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1842 MAPS: mental health admissions to paediatric wards study
  1. Lee Hudson1,
  2. Francesca Cornaglia2,
  3. Faith Gibson3,
  4. Gabrielle Mathews4,
  5. Helen Roberts5,
  6. Damian Roland6,
  7. Adriana Vazquez-Vazquez5,
  8. Joseph Ward5,
  9. Dasha Nicholls7,
  10. Russell Viner5
  1. 1Population, Policy and Practice Research Programme, UCL Great Ormond Street Institute of Child Health, London, UK; Great Ormond Street Hospital for Children NHS Trust, London, UK
  2. 2Queen Mary University of London, London, UK
  3. 3Great Ormond Street Hospital for Children NHS Trust, London, UK; University of Surrey, Guildford, UK
  4. 4CYP Transformation Team, NHS England and NHS Improvement London, London, UK
  5. 5Population, Policy and Practice Research Programme, UCL Great Ormond Street Institute of Child Health, London, UK
  6. 6University Hospitals of Leicester NHS Trust, Leicester, UK
  7. 7Imperial College London, Faculty of Medicine, Department of Brain Sciences, London, UK


Objectives Children and young people (CYP) presenting with a mental health (MH) crisis are frequently admitted to general acute paediatric wards as a place of safety. Prior to the pandemic, a survey in England showed that CYP occupied 6% of general paediatric inpatient beds due to MH crisis, and there have been longstanding concerns about the quality of care to support these patients in this setting.1 Since the pandemic, there is evidence that both numbers of paediatric admissions and the severity of MH crisis in CYP have increased, and paediatric teams are experiencing challenges delivering safe care.2 There is a general paucity of published data on CYP with MH crisis admissions to general paediatric wards including total numbers, factors associated with admissions, outcomes for CYP admitted, and the impact of admissions on CYP, parents and healthcare professionals (HCPs).

We aim to generate a Theory of Change (ToC) model to improve the quality of care for CYP admitted to acute paediatric services after presenting in a MH crisis. Our objectives are to investigate: 1) national trends in admissions; 2) characteristics of admissions (sociodemographic factors, diagnoses and reasons admitted) 3) factors influencing decisions to admit CYP; 4) views/experiences of CYP, families and HCPs during admissions.

Methods We will conduct a mixed-methods study to inform a ToC framework, alongside a stakeholder group (consisting of patients, families, health and social care professionals and professional groupings). To achieve this, we will: 1) analyse national service level data (hospital episode statistics) of MH admissions to paediatric wards, 2) undertake a rapid literature review and bring together the research team and stakeholder group, using a modified Delphi process, to develop a data collection instrument on MH admissions at paediatric wards, 3) implement a prospective reporting system of MH crisis admissions from 15 paediatric wards in England and 4) carry out a qualitative study of the experiences of CYP admitted in MH crisis at 5 paediatric wards, as well as their families and staff members caring for them. Findings will be discussed with the stakeholder group so a final ToC can be developed with outputs agreed to achieve impact.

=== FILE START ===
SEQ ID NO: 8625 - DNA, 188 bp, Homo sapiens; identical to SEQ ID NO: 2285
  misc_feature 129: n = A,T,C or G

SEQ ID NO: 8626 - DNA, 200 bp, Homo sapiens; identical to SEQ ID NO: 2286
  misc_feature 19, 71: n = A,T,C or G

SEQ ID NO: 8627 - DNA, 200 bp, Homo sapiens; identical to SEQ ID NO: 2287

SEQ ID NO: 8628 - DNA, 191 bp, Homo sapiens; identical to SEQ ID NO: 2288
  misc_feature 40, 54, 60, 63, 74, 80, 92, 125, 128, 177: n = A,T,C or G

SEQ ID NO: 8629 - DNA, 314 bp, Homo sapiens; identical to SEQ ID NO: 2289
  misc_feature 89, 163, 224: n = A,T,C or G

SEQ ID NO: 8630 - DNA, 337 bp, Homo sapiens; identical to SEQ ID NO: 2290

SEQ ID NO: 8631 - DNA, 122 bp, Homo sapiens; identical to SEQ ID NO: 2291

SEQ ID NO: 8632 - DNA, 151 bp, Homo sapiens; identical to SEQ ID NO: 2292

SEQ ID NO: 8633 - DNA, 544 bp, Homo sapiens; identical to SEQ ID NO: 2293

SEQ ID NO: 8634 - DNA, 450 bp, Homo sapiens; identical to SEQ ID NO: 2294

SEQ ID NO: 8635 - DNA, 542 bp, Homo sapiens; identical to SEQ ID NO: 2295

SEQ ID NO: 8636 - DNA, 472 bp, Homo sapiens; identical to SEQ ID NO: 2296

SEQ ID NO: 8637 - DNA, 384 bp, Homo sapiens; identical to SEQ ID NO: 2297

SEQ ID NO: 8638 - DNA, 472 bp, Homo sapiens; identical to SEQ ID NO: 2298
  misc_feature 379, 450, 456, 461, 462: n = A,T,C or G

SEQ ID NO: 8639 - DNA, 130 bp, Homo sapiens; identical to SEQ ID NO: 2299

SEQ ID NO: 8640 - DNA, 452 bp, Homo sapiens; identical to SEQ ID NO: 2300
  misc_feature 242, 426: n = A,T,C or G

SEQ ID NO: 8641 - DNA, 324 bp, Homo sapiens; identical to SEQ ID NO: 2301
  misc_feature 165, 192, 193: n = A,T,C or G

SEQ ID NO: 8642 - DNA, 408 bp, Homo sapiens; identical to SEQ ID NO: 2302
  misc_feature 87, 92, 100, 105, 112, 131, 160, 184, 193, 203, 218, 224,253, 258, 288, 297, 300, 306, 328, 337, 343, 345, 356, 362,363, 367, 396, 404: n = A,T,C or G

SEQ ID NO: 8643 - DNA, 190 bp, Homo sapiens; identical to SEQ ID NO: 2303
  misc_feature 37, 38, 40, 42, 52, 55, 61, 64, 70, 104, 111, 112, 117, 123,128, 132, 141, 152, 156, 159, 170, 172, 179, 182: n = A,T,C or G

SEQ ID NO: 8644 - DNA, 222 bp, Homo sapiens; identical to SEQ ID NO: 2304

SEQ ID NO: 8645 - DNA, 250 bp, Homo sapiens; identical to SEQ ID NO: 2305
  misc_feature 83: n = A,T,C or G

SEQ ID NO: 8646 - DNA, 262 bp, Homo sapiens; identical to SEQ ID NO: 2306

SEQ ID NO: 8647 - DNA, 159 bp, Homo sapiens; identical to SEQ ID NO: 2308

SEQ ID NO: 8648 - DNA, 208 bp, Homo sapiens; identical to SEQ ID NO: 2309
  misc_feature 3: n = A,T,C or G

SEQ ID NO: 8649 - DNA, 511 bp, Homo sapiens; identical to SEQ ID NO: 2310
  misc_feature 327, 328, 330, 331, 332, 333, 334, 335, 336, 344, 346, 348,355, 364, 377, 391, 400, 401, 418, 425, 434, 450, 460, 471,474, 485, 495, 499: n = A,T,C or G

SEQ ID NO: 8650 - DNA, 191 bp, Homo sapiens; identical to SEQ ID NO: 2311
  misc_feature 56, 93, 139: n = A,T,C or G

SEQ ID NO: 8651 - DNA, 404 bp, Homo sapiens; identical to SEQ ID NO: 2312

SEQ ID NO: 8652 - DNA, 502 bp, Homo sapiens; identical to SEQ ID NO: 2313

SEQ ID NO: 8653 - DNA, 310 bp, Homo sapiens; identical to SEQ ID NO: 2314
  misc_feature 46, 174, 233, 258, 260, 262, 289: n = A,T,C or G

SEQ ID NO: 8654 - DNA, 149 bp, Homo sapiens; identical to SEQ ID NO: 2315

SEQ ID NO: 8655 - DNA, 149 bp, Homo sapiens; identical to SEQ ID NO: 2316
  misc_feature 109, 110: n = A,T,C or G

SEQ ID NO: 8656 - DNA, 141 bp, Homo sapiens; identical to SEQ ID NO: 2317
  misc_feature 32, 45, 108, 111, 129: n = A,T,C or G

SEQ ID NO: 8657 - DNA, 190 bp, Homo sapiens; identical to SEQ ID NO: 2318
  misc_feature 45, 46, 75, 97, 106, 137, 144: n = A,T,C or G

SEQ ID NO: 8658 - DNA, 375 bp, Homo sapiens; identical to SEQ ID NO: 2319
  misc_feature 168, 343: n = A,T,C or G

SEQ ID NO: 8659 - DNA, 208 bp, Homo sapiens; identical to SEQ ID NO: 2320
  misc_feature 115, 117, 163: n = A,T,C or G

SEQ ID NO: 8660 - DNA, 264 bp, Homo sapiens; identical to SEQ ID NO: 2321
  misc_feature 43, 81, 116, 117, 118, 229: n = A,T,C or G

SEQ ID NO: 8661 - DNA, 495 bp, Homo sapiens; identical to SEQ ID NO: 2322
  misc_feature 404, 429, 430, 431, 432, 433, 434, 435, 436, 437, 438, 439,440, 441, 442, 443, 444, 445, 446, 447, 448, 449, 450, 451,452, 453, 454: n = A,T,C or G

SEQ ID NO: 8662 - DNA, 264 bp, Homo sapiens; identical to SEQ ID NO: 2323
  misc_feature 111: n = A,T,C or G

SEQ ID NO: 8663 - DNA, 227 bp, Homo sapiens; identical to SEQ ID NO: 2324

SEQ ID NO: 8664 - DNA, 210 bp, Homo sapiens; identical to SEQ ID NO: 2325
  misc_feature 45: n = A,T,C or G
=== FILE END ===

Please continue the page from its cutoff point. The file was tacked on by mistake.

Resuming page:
Results Analysis of the national data and screening of the data for the rapid literature review are in progress. Results will be available at the conference.

Conclusions Primary outcomes of this study will be the characterisation of admissions for primary MH problems to acute children’s wards, the co-creation of a data collection instrument, and the characterisation of the views/experiences of CYP, families and HCPs. Moreover, by producing a ToC approach, we expect to generate a system map to identify recommendations and transformation plans to share with policymakers, commissioners, service leads, and professionals.


  1. Royal College of Paediatrics and Child Health. A snapshot of general paediatric services and workforce in the UK. Report, 2020.

  2. Hudson LD, Chapman S, Street KN, et al. Increased admissions to paediatric wards with a primary mental health diagnosis: results of a survey of a network of eating disorder paediatricians in England. Arch Dis Child. 2021.

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